Tutorial Sessions

The 2014 MRS Spring Meeting featured 11 tutorials covering a variety of topics to complement the scientific sessions.

The following tutorials were offered at this meeting:

Tutorial A

Thin-Film Silicon and Related Materials for Solar Cells and Displays
Monday, April 21, 9 a.m.-5 p.m.
Moscone West, Level 2, Room 2002

Eric A. Schiff, Syracuse University
Stefaan De Wolf, EPFL, Switzerland

Silicon and related thin films are applied widely in solar cells and backplane electronics of liquid crystal displays. This tutorial introduced the preparation methods, the materials properties, and the device engineering. While the emphasis was on silicon-related thin films, the fundamentals apply to other thin-film materials as well. Important chemical vapor deposition (CVD) techniques, including RF and VHF plasma-enhanced (PE), and hot-wire (HW) or Cat CVD, were surveyed. The techniques produce useful films ranging in structure from amorphous to nanocrystalline to polycrystalline, with highly variable chemical compositions including germanium alloys, carbides, nitrides and oxides. The tutorial covered the optical, electronic and dielectric properties of the films, and the applications of these properties in devices, including thin-film transistors for display, thin-film solar cells and heterojunction solar cells based on crystalline silicon. A special emphasis was placed on ultrahigh efficiency c-Si cell designs and the role and properties of thin-film passivation layers (such as nitride, alumina, a-Si:H). In this context, silicon heterojunction cells were presented in detail. An overview of light-trapping architectures for solar cells was introduced, including speculative architectures based on nanostructures and plasmonics.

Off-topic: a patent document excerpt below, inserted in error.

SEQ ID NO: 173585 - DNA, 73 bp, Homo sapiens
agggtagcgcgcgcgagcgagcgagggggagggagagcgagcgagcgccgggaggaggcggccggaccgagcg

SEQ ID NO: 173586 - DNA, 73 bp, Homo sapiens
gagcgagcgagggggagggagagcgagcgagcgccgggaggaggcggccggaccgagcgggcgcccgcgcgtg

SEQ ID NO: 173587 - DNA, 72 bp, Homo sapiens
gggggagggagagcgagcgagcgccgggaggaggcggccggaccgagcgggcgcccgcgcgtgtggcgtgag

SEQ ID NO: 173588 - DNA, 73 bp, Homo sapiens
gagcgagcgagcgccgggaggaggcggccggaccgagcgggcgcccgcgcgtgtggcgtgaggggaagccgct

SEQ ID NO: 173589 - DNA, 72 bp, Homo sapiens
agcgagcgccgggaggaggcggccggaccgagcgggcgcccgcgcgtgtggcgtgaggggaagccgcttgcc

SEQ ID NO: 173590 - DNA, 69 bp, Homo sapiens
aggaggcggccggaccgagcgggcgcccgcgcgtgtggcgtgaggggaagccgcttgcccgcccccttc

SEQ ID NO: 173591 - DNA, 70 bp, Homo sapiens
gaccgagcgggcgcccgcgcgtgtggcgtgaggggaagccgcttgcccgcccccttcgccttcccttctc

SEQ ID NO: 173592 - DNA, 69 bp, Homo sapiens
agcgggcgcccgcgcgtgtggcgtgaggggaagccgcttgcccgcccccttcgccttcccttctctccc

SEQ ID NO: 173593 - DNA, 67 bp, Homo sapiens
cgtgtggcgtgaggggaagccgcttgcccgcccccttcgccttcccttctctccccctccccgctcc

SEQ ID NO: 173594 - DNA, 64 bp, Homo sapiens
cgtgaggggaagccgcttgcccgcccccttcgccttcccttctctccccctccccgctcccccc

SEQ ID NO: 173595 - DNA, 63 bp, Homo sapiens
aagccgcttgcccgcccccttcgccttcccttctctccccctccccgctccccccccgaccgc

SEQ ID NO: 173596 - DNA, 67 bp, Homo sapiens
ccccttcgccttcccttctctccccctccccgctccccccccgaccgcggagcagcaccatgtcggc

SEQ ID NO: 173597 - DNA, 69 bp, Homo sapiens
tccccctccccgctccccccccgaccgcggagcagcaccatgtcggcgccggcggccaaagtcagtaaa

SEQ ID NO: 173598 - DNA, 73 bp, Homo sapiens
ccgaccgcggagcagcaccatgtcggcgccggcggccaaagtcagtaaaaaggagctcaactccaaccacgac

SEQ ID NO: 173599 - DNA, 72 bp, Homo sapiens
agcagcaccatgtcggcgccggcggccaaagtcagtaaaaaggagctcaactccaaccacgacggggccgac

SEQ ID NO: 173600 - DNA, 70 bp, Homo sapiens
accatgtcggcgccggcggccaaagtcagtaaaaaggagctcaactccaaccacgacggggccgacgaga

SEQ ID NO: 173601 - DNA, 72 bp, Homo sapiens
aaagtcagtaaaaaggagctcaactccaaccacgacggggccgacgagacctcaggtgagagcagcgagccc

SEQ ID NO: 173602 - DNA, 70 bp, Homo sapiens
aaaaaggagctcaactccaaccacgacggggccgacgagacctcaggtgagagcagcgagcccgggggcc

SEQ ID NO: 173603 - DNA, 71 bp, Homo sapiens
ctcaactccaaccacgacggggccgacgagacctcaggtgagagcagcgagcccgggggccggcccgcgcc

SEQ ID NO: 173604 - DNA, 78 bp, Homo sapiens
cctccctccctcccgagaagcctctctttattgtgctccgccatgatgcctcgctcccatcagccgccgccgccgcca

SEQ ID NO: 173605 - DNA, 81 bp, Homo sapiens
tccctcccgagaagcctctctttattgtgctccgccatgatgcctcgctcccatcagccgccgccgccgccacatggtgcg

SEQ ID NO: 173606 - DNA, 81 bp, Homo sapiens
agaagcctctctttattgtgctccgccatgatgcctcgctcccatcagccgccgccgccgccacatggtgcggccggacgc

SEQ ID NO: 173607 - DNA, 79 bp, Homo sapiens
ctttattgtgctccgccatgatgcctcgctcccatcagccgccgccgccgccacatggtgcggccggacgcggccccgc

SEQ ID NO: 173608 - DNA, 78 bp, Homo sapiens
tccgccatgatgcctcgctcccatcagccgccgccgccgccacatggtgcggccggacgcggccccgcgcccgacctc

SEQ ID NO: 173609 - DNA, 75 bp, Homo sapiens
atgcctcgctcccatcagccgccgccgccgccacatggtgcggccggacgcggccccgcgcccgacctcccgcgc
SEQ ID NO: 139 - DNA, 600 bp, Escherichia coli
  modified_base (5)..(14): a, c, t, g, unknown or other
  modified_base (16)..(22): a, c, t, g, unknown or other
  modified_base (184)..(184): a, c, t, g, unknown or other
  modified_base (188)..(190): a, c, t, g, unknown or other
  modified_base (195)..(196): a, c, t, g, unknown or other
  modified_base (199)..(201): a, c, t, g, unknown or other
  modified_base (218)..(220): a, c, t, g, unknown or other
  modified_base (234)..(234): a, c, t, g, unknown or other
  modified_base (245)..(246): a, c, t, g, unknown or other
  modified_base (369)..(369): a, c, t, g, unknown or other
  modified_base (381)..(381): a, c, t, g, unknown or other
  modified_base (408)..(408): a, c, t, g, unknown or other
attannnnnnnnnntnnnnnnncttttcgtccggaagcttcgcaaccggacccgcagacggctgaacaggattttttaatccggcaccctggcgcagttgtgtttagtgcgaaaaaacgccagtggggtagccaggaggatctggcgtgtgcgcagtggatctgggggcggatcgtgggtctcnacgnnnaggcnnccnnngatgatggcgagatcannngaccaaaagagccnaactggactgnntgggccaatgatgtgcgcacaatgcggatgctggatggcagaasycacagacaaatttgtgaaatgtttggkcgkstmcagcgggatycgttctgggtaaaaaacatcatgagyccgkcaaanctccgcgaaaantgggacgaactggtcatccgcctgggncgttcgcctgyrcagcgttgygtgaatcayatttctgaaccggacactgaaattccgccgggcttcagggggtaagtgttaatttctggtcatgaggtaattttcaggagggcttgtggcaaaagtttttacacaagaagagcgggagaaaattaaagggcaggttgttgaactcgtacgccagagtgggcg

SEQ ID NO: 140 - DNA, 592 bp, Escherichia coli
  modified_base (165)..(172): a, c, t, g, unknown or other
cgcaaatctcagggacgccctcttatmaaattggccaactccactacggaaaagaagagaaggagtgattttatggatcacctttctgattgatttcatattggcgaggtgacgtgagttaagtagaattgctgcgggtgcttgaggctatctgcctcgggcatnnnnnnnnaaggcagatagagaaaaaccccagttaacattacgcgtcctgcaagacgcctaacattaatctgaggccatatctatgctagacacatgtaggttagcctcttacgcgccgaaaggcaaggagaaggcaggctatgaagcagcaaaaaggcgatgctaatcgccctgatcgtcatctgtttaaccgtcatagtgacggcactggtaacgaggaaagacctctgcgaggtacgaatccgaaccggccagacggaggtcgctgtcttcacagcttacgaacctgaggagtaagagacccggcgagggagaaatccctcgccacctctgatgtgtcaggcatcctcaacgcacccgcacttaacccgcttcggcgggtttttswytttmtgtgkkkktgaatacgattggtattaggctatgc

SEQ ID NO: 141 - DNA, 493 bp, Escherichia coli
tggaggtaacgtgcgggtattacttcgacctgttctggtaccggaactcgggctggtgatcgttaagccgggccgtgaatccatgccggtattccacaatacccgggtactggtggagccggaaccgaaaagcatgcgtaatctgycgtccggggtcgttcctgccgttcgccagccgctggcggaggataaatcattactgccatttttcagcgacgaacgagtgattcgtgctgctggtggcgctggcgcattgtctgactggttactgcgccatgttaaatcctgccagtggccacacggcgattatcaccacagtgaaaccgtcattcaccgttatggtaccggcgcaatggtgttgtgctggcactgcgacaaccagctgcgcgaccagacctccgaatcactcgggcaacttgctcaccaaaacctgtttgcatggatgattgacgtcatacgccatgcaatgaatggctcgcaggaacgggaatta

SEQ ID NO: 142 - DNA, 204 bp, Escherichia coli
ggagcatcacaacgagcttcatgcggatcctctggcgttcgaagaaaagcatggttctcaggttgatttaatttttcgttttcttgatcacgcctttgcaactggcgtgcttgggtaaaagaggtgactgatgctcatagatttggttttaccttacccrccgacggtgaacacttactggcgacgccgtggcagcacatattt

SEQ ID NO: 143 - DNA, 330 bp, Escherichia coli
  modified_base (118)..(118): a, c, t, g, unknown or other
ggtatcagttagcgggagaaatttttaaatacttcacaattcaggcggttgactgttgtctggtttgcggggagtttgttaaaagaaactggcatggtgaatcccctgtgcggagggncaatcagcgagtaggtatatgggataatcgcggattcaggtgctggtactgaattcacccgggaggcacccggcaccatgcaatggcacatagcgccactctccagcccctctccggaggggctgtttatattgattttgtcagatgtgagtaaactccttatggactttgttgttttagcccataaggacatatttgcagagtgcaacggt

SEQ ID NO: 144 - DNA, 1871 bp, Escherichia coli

Tutorial E/H

Defect Prediction and Measurement Techniques for Solar Energy Materials
Monday, April 21, 9 a.m.-4 p.m.
Moscone West, Level 2, Room 2003  

Anderson Janotti,  University of California, Santa Barbara
Matthew McCluskey
, Washington State University

The tutorial provided a rich framework for understanding, predicting, and measuring defects in semiconductors in order to give the researcher a strong foundation for conducting in-depth defect science.

9-11:30 a.m.

The morning session covered theoretical models for predicting defect outcomes, including which defects will form in materials, in what quantities, and whether they contribute deep or shallow energy levels. Anderson Janotti, an expert in theoretical defect prediction algorithms, led the theoretical component of the tutorial.  

Noon-1:30 p.m. Lunch
1:30-4 p.m.

The afternoon session covered methods for probing the defect properties of experimentally fabricated materials. Matthew McCluskey is an expert experimentalist with extensive knowledge of characterization methods; he presented the measurement component.